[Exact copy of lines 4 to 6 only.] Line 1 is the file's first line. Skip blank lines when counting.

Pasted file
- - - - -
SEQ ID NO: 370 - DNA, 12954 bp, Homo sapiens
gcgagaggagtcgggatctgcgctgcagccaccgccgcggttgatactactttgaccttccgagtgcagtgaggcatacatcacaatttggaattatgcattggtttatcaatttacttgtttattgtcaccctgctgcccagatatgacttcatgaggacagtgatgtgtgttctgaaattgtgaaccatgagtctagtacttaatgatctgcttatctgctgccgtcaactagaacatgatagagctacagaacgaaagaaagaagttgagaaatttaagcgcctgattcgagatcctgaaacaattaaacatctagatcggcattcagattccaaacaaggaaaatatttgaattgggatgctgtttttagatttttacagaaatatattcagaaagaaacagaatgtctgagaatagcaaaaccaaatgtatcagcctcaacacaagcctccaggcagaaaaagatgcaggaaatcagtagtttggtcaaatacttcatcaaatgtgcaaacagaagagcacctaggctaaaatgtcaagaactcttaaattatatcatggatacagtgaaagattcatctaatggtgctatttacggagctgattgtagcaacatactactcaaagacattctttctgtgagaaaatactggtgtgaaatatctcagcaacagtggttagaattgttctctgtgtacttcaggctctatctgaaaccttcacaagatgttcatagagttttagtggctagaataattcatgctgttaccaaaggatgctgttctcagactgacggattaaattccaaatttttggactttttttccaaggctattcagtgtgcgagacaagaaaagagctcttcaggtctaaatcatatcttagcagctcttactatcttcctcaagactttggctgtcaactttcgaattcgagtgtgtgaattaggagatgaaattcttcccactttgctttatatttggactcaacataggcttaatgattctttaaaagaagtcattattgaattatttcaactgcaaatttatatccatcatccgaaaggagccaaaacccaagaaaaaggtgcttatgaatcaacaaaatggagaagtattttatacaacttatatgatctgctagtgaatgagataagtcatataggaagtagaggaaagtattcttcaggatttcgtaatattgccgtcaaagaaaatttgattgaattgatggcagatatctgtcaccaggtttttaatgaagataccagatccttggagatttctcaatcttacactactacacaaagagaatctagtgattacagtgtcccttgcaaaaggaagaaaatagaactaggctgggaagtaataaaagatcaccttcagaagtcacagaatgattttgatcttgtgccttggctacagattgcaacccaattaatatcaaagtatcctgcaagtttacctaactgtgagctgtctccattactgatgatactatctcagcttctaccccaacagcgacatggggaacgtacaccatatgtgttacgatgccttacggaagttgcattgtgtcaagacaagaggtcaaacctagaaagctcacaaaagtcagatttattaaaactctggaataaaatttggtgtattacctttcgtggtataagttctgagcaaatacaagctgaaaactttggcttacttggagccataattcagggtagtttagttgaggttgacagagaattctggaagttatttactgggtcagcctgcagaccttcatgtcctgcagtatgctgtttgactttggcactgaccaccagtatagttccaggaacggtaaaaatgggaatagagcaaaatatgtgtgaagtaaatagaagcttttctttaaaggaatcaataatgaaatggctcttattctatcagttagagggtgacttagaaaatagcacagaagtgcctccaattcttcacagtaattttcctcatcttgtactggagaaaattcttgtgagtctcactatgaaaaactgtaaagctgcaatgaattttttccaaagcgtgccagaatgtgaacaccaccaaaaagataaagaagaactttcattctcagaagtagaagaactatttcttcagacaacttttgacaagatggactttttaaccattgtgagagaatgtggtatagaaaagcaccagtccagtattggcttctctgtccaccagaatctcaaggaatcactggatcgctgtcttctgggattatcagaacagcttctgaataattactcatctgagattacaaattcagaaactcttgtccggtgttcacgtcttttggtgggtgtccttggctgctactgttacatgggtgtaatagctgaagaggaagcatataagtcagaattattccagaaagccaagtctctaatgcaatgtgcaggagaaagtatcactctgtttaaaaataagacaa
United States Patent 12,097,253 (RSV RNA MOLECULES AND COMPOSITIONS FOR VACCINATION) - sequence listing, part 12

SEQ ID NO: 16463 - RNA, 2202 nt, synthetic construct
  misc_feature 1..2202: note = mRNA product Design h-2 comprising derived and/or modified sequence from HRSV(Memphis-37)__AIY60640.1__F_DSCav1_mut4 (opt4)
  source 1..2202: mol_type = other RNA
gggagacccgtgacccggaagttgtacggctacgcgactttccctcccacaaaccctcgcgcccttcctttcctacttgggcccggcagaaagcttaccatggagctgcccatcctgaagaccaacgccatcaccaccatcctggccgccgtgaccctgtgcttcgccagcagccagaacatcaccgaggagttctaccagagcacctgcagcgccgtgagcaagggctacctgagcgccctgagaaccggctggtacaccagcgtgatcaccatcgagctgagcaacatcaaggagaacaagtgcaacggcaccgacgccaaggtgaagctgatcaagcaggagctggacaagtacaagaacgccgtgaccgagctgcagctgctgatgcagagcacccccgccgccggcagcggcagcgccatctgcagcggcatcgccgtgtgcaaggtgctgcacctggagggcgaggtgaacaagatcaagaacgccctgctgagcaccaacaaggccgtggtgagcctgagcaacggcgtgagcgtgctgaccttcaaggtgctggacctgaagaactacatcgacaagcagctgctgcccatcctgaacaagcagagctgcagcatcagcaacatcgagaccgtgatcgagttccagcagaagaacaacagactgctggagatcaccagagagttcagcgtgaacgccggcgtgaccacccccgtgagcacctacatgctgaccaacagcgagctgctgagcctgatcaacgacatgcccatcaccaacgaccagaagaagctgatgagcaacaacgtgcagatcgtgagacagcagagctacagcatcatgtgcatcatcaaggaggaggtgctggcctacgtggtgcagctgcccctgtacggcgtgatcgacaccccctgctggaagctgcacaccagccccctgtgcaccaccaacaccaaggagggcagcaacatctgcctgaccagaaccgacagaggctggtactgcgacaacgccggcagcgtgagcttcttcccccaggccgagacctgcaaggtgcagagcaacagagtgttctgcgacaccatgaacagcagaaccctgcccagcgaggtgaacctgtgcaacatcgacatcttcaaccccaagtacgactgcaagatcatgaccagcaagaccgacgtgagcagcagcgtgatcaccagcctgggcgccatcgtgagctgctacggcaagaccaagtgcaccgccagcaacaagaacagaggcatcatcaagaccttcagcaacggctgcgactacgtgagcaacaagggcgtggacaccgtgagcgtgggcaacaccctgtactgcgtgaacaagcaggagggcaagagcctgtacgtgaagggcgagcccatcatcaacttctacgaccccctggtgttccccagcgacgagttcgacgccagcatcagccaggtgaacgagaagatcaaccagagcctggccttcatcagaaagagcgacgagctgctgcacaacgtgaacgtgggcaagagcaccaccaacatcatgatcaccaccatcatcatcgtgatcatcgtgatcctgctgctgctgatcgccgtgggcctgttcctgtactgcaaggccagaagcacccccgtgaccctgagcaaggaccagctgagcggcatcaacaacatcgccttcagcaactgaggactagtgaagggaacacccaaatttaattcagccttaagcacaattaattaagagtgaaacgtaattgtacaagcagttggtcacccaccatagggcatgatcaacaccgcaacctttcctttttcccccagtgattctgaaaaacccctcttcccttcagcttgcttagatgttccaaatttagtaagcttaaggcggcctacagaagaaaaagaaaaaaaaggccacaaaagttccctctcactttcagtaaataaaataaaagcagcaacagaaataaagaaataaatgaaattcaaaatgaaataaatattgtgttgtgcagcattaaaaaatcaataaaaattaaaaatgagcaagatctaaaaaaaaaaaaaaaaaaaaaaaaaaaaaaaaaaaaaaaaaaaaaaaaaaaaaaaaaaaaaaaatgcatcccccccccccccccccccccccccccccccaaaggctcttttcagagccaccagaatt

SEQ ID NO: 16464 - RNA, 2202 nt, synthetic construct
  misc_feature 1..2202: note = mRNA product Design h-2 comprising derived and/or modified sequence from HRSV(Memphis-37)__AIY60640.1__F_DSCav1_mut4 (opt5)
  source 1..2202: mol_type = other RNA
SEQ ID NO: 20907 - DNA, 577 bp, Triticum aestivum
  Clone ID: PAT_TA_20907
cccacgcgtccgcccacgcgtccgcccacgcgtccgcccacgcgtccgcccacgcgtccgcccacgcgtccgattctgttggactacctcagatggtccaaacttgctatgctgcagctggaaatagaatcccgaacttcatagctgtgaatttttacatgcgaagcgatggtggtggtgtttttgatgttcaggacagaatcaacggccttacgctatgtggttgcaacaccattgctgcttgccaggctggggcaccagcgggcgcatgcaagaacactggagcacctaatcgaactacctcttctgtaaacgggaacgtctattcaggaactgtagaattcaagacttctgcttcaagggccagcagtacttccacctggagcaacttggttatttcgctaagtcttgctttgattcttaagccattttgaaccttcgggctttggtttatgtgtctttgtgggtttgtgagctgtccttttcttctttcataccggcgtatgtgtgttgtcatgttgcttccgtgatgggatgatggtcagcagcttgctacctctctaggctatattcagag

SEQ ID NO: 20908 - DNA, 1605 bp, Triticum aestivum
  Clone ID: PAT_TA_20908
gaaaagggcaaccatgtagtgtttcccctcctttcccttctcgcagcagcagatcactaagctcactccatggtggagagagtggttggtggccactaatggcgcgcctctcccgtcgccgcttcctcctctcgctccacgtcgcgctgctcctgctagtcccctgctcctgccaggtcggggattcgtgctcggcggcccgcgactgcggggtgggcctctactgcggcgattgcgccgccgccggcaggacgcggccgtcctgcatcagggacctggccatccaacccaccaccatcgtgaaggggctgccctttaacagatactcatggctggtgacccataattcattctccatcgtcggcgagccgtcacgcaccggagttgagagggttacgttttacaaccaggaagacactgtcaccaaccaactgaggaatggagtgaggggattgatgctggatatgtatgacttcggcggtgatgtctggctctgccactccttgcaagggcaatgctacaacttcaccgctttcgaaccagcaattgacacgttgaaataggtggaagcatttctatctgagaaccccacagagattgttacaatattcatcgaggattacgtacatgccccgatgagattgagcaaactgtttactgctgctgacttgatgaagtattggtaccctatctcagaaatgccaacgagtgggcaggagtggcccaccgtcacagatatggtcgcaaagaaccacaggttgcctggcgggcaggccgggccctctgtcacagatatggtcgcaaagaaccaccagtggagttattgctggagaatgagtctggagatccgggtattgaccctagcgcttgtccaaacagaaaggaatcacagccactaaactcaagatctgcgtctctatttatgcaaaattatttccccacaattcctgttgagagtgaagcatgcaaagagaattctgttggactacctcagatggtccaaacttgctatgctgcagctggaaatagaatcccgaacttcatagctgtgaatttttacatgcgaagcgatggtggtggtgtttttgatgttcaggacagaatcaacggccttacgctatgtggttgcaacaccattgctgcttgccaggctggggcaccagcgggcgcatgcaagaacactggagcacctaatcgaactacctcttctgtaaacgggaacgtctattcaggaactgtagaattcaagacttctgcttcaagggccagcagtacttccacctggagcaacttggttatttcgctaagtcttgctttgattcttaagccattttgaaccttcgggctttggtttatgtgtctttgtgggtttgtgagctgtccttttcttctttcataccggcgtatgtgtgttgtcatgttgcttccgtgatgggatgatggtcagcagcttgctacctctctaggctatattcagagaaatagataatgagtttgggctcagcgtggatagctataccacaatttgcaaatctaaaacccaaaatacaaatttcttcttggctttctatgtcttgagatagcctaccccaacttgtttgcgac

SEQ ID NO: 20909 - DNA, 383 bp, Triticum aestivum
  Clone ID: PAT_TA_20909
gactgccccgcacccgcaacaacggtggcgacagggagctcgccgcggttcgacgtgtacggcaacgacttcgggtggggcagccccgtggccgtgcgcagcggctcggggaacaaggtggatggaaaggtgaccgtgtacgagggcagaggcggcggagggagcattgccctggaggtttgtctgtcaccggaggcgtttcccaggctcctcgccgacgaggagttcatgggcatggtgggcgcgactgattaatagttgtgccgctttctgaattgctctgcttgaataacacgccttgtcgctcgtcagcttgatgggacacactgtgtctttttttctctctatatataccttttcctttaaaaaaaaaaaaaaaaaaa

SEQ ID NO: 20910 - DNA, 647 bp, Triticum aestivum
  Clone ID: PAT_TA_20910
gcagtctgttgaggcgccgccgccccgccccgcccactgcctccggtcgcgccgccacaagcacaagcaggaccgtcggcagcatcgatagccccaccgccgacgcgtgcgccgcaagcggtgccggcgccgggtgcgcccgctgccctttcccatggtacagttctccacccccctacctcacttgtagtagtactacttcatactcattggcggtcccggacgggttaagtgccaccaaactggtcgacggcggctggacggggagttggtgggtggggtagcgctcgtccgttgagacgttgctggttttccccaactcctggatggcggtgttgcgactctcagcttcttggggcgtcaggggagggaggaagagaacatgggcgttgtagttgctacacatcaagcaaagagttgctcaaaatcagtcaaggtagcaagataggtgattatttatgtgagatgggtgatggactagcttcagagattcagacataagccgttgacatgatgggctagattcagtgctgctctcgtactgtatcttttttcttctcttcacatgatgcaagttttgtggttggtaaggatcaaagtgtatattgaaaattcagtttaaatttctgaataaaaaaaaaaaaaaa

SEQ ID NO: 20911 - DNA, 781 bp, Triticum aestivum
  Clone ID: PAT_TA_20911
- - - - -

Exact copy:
SEQ ID NO: 16463 - RNA, 2202 nt, synthetic construct
  misc_feature 1..2202: note = mRNA product Design h-2 comprising derived and/or modified sequence from HRSV(Memphis-37)__AIY60640.1__F_DSCav1_mut4 (opt4)
  source 1..2202: mol_type = other RNA